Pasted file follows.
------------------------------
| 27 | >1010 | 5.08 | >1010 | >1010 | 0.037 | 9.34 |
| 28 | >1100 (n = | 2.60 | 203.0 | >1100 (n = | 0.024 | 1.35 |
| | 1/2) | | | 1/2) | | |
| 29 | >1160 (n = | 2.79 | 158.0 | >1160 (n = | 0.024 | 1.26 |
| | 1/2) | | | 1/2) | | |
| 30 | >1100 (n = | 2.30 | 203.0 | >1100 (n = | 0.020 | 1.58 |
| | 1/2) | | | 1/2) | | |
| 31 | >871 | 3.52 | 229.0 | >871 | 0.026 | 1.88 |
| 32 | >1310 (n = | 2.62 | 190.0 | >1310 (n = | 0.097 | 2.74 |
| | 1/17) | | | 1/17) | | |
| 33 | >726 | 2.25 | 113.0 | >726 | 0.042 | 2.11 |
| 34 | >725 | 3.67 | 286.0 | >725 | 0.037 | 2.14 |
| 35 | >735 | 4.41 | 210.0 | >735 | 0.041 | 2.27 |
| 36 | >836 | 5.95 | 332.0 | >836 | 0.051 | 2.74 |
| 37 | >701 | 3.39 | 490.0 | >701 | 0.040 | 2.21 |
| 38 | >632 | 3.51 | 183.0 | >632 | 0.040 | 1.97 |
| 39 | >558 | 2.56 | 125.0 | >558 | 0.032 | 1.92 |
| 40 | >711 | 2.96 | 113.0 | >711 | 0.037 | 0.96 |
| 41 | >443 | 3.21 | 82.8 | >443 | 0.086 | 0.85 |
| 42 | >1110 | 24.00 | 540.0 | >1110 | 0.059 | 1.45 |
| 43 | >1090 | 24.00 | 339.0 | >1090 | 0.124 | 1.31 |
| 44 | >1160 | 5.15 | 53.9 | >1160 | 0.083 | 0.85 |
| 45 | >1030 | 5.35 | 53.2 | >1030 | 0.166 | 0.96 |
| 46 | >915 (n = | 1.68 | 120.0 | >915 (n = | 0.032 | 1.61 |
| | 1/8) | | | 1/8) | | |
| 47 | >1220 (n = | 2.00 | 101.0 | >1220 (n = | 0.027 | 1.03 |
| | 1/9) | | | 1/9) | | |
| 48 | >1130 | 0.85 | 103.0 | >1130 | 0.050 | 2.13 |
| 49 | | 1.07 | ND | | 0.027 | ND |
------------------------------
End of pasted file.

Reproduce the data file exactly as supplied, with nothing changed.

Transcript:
| 27 | >1010 | 5.08 | >1010 | >1010 | 0.037 | 9.34 |
| 28 | >1100 (n = | 2.60 | 203.0 | >1100 (n = | 0.024 | 1.35 |
| | 1/2) | | | 1/2) | | |
| 29 | >1160 (n = | 2.79 | 158.0 | >1160 (n = | 0.024 | 1.26 |
| | 1/2) | | | 1/2) | | |
| 30 | >1100 (n = | 2.30 | 203.0 | >1100 (n = | 0.020 | 1.58 |
| | 1/2) | | | 1/2) | | |
| 31 | >871 | 3.52 | 229.0 | >871 | 0.026 | 1.88 |
| 32 | >1310 (n = | 2.62 | 190.0 | >1310 (n = | 0.097 | 2.74 |
| | 1/17) | | | 1/17) | | |
| 33 | >726 | 2.25 | 113.0 | >726 | 0.042 | 2.11 |
| 34 | >725 | 3.67 | 286.0 | >725 | 0.037 | 2.14 |
| 35 | >735 | 4.41 | 210.0 | >735 | 0.041 | 2.27 |
| 36 | >836 | 5.95 | 332.0 | >836 | 0.051 | 2.74 |
| 37 | >701 | 3.39 | 490.0 | >701 | 0.040 | 2.21 |
| 38 | >632 | 3.51 | 183.0 | >632 | 0.040 | 1.97 |
| 39 | >558 | 2.56 | 125.0 | >558 | 0.032 | 1.92 |
| 40 | >711 | 2.96 | 113.0 | >711 | 0.037 | 0.96 |
| 41 | >443 | 3.21 | 82.8 | >443 | 0.086 | 0.85 |
| 42 | >1110 | 24.00 | 540.0 | >1110 | 0.059 | 1.45 |
| 43 | >1090 | 24.00 | 339.0 | >1090 | 0.124 | 1.31 |
| 44 | >1160 | 5.15 | 53.9 | >1160 | 0.083 | 0.85 |
| 45 | >1030 | 5.35 | 53.2 | >1030 | 0.166 | 0.96 |
| 46 | >915 (n = | 1.68 | 120.0 | >915 (n = | 0.032 | 1.61 |
| | 1/8) | | | 1/8) | | |
| 47 | >1220 (n = | 2.00 | 101.0 | >1220 (n = | 0.027 | 1.03 |
| | 1/9) | | | 1/9) | | |
| 48 | >1130 | 0.85 | 103.0 | >1130 | 0.050 | 2.13 |
| 49 | | 1.07 | ND | | 0.027 | ND |